Review of causative microorganisms in lacrimal canaliculitis Shinichi Sugita 1 , Masako Oe 1 , Taiga Kinoshita 1 , Tomoyuki Yamada 1 , Hisashi Takenaka 1 , Toshiya Sakurai 1 , Kuo Chung Chang 1 , Takatoshi Maeno 1 , Tomiya Mano 1 , Toshimi Kitazawa 2 1Tane Memorial Eye Hosp 2Lab of Bacterial Inspection, Tane Hosp pp.851-855
Published Date 2008/6/15
DOI https://doi.org/10.11477/mf.1410102265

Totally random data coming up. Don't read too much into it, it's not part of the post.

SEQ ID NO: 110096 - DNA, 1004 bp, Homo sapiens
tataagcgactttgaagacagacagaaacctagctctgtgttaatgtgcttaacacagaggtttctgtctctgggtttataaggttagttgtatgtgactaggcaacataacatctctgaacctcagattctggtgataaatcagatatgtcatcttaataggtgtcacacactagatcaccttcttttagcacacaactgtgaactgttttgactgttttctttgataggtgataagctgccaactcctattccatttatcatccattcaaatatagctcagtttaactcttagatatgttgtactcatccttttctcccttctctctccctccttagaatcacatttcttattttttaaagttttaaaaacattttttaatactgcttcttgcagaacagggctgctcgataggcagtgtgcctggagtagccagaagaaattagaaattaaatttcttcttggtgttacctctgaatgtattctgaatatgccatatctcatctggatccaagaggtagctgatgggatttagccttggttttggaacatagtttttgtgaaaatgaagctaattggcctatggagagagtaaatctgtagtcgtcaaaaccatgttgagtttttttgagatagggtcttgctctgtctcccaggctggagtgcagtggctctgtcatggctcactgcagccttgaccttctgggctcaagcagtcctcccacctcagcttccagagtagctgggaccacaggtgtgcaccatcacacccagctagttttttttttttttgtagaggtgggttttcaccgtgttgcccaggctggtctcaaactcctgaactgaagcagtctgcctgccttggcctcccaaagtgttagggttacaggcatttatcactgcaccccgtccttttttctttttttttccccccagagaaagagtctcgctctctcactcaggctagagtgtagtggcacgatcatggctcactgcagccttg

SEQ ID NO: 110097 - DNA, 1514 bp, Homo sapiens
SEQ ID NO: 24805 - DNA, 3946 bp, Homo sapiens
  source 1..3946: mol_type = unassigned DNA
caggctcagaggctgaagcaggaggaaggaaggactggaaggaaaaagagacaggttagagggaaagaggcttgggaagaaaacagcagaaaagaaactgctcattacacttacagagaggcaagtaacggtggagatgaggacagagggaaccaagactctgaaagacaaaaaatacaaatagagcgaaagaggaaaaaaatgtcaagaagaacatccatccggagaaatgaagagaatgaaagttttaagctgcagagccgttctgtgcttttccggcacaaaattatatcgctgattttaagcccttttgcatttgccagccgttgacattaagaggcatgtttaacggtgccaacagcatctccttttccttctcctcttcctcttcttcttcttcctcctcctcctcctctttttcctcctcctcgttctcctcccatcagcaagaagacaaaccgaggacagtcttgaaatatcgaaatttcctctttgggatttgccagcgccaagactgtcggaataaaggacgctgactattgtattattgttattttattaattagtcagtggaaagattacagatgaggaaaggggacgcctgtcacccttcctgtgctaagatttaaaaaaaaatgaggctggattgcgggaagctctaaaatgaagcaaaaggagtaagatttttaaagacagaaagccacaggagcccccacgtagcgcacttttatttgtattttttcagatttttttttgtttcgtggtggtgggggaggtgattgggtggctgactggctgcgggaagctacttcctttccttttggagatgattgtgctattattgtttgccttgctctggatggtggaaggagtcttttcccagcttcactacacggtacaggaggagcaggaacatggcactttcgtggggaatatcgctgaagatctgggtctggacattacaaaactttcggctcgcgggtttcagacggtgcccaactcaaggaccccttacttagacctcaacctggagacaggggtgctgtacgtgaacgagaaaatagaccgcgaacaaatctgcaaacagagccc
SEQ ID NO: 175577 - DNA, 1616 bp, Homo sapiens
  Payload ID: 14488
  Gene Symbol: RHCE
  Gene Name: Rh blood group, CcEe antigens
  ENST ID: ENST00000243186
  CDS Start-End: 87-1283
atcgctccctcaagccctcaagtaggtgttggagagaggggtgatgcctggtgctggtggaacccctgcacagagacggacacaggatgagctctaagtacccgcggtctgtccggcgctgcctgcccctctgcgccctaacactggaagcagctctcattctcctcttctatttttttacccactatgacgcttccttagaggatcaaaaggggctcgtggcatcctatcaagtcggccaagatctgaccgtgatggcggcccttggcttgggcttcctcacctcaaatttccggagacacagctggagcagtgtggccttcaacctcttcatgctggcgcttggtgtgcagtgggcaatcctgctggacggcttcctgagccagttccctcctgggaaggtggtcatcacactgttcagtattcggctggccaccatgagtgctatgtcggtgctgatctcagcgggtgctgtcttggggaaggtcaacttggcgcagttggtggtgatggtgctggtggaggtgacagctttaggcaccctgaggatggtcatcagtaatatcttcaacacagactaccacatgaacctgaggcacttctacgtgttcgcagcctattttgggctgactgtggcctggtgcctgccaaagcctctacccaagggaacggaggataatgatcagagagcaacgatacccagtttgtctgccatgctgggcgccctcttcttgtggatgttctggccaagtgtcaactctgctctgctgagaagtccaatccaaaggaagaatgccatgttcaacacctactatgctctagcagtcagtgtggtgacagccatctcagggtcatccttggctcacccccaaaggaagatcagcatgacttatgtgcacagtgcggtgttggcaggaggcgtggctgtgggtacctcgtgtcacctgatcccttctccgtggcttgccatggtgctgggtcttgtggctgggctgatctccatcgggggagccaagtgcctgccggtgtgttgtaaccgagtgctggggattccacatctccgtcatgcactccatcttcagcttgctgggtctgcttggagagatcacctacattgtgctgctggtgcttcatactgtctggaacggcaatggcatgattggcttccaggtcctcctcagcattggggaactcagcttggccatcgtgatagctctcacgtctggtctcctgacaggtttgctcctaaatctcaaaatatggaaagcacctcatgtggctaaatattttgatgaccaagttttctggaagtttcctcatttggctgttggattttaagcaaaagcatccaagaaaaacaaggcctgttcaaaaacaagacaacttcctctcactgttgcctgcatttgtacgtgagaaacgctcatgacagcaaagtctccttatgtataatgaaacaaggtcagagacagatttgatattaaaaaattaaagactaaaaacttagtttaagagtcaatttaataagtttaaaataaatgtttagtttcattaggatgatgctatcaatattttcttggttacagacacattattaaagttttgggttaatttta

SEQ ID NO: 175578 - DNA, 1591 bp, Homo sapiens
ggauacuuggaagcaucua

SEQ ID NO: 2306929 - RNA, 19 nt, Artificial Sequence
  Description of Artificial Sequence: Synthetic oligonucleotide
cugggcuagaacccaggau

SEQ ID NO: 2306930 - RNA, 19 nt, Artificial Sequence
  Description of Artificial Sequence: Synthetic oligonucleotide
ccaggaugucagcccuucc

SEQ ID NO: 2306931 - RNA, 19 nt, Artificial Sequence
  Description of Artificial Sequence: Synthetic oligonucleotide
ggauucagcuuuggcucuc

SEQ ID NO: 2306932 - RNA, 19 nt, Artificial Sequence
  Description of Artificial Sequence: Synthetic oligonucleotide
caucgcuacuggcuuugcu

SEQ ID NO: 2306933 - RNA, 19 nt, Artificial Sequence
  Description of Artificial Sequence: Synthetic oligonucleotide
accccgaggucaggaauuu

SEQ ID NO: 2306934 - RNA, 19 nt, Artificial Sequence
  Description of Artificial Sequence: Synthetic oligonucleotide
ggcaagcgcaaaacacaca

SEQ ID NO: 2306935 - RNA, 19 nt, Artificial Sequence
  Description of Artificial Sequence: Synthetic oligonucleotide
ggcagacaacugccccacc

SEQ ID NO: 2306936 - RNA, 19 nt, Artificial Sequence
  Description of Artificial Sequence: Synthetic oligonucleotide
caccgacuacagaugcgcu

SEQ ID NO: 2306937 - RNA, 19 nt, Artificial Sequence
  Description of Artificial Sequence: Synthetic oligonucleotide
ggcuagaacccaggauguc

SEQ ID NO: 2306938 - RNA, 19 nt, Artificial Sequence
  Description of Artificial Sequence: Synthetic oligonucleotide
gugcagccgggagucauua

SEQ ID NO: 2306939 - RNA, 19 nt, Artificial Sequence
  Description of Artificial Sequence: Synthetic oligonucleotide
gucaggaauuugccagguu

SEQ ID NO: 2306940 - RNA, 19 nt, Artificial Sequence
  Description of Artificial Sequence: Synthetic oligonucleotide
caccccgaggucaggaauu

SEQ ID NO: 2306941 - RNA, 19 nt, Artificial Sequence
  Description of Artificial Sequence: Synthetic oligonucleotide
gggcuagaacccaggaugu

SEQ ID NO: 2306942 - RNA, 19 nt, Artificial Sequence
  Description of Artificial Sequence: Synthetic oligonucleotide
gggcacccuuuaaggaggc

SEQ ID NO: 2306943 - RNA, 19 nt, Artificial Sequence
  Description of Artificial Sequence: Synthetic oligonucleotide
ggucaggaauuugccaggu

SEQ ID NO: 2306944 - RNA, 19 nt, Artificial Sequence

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Abstract. Purpose:To report the incidence and drug sensitivity of microorganisms in lacrimal canaliculitis. Cases:This retrospective study was made on 23 eyes of 23 patients who were diagnosed with lacrimal canaliculitis during the foregoing 88 months. The series comprised 5 males and 18 females. The age averaged 72 years. Results:Culture of material from infected canaliculi showed 16 species of aerobic and 10 species of anaerobic microorganisms. Anaerobic microorganisms were detected from 15 eyes(65%). Peptostreptococcus micros was the most frequent and was isolated from 6 eyes. Actinomycetaceae spp. were identified in 6 eyes. Out of the total of 39 strains, 25 showed the highest sensitivity to benzylpenicillin or ampicillin. Conclusion:Anaerobes appear to be causatively involved in the pathogenesis of lacrimal canaliculitis. It is, however, difficult to identify the causative microorganism by culture only.

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